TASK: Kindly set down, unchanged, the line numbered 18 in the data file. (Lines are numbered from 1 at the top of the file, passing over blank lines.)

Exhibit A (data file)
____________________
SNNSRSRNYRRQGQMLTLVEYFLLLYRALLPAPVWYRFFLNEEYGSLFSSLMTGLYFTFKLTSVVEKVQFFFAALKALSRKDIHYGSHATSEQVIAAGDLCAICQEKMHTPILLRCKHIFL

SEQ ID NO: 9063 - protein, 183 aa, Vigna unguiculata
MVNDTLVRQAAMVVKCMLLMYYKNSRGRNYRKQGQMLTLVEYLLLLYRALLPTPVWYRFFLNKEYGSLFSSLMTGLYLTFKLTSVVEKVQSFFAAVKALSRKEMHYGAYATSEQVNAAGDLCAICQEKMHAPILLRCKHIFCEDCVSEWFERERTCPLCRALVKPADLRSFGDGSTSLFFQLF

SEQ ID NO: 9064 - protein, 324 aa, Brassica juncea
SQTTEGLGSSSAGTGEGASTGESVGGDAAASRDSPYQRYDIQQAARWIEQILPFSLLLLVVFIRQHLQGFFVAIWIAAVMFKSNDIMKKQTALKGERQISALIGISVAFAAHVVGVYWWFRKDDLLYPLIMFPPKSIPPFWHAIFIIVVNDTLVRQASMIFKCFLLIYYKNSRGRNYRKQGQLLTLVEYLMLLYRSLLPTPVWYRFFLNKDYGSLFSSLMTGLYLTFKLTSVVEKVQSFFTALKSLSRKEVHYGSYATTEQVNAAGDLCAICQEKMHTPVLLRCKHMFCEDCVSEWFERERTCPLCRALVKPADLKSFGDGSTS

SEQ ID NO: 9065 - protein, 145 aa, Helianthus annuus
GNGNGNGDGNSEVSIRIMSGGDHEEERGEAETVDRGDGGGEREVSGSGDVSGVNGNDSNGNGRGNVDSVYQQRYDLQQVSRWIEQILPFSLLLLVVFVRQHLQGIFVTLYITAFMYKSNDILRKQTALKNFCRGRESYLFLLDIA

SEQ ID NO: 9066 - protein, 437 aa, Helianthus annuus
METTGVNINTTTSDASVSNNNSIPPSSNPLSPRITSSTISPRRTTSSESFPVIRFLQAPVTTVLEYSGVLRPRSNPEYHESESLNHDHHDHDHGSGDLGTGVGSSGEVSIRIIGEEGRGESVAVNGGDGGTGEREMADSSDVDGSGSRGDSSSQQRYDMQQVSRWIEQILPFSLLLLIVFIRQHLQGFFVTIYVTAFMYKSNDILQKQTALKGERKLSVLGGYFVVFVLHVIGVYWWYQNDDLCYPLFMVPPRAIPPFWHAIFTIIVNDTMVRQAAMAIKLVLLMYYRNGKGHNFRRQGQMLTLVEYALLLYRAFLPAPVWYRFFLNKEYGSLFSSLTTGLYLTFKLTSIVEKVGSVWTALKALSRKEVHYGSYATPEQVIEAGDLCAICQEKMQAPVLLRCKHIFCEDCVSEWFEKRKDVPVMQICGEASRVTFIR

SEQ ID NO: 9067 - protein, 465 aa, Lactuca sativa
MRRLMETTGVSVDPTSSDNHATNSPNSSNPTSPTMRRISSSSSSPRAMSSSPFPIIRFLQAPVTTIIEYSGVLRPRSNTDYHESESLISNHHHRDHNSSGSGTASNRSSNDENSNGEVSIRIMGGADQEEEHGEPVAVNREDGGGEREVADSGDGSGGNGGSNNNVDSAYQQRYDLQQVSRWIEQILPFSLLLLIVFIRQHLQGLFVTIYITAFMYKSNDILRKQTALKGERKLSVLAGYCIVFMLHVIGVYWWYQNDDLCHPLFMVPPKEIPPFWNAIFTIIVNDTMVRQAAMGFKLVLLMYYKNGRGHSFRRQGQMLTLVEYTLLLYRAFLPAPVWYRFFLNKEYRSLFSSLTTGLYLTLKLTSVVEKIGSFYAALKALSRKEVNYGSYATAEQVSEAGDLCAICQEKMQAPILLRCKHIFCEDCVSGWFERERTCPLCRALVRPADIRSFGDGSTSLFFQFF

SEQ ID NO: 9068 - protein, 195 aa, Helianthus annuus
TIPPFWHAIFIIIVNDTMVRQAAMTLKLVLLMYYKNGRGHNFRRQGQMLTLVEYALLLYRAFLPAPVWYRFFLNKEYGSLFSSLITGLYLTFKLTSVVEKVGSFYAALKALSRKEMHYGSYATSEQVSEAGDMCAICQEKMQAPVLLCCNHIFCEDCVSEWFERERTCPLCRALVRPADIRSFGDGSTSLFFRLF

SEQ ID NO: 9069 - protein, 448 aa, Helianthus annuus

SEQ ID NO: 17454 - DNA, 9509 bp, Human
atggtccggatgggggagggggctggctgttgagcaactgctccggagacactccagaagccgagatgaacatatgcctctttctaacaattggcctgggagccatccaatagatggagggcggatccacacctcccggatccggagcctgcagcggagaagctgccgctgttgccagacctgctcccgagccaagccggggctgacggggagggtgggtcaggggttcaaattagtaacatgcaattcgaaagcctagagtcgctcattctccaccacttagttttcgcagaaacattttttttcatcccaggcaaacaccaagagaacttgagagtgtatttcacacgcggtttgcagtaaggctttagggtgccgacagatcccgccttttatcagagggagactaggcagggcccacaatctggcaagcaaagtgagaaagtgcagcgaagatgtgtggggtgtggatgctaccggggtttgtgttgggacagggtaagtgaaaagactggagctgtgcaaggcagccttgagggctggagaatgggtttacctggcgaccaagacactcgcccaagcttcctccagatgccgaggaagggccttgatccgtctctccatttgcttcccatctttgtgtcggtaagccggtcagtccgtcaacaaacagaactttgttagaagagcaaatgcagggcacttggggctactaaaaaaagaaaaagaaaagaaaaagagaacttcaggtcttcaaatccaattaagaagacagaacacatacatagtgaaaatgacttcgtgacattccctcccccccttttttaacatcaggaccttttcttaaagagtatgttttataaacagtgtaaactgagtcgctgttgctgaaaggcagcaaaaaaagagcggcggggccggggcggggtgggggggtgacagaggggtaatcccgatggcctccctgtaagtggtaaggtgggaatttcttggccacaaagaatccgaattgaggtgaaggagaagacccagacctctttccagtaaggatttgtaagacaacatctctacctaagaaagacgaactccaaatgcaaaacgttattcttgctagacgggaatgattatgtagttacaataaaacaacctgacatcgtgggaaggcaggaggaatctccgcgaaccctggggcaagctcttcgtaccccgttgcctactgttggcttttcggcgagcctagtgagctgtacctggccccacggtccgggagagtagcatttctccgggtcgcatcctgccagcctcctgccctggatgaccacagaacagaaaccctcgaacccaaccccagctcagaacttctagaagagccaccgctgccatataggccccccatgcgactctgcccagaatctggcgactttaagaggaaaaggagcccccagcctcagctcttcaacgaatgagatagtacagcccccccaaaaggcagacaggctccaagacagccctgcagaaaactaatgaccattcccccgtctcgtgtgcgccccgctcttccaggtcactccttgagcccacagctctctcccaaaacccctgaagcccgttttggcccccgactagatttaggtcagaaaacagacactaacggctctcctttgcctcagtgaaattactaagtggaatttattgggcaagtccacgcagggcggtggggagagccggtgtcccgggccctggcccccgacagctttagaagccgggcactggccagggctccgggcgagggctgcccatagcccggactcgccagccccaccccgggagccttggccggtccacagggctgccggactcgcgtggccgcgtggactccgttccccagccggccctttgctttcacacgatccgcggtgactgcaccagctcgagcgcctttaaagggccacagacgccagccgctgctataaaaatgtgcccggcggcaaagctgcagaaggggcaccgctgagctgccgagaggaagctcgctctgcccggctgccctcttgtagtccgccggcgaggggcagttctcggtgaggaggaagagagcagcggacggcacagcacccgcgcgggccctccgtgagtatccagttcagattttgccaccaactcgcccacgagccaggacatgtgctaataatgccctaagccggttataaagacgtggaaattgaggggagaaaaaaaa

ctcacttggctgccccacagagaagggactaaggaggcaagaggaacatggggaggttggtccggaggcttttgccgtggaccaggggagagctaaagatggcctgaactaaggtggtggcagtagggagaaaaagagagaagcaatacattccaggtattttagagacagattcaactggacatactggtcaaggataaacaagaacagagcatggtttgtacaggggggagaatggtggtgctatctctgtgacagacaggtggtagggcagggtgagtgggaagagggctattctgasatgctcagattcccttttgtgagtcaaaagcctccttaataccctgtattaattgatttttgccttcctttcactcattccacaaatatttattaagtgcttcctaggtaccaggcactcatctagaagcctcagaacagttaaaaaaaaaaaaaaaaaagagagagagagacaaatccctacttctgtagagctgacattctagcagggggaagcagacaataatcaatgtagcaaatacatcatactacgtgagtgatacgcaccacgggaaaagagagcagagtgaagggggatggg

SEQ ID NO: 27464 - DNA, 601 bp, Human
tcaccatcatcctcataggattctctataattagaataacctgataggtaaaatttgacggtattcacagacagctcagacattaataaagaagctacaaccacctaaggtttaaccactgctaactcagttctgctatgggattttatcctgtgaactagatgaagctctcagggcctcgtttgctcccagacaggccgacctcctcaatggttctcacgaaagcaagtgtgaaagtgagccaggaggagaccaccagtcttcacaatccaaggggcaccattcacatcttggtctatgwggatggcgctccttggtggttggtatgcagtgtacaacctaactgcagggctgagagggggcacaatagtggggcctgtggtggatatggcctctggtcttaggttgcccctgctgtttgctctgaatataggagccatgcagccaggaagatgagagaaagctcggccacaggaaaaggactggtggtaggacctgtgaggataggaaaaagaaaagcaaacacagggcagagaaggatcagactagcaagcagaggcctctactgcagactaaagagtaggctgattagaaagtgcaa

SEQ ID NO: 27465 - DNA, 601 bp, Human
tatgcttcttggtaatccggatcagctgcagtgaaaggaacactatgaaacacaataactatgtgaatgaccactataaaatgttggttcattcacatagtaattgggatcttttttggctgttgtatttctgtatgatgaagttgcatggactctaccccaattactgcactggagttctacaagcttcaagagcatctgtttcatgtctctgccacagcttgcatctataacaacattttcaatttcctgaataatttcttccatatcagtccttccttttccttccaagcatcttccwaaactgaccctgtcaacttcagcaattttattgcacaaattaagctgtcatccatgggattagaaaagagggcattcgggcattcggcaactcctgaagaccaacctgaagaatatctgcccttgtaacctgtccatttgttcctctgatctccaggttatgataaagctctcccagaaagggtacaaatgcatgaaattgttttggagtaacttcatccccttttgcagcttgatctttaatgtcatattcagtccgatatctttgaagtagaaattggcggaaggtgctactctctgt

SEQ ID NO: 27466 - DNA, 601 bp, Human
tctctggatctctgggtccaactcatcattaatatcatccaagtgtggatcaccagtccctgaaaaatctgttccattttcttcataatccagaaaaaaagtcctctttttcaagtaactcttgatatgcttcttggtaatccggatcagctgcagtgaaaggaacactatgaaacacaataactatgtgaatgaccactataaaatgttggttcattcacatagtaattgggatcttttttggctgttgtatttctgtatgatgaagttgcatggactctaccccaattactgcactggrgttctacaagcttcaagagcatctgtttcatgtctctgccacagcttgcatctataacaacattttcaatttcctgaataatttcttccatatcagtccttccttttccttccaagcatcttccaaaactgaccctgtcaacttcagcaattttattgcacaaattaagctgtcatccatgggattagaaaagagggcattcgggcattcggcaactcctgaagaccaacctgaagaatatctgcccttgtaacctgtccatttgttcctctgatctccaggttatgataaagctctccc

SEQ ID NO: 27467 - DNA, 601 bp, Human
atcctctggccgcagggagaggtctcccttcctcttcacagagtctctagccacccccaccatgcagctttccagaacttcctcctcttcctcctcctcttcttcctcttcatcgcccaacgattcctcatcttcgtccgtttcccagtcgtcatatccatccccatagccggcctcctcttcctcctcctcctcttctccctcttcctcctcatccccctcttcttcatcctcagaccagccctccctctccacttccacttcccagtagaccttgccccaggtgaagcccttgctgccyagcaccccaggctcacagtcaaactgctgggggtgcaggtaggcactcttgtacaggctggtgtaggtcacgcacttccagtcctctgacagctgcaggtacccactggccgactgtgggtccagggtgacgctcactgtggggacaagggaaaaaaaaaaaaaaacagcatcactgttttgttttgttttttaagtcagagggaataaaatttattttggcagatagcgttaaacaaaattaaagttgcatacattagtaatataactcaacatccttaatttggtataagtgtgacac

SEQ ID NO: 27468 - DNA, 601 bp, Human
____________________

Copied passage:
SEQ ID NO: 27464 - DNA, 601 bp, Human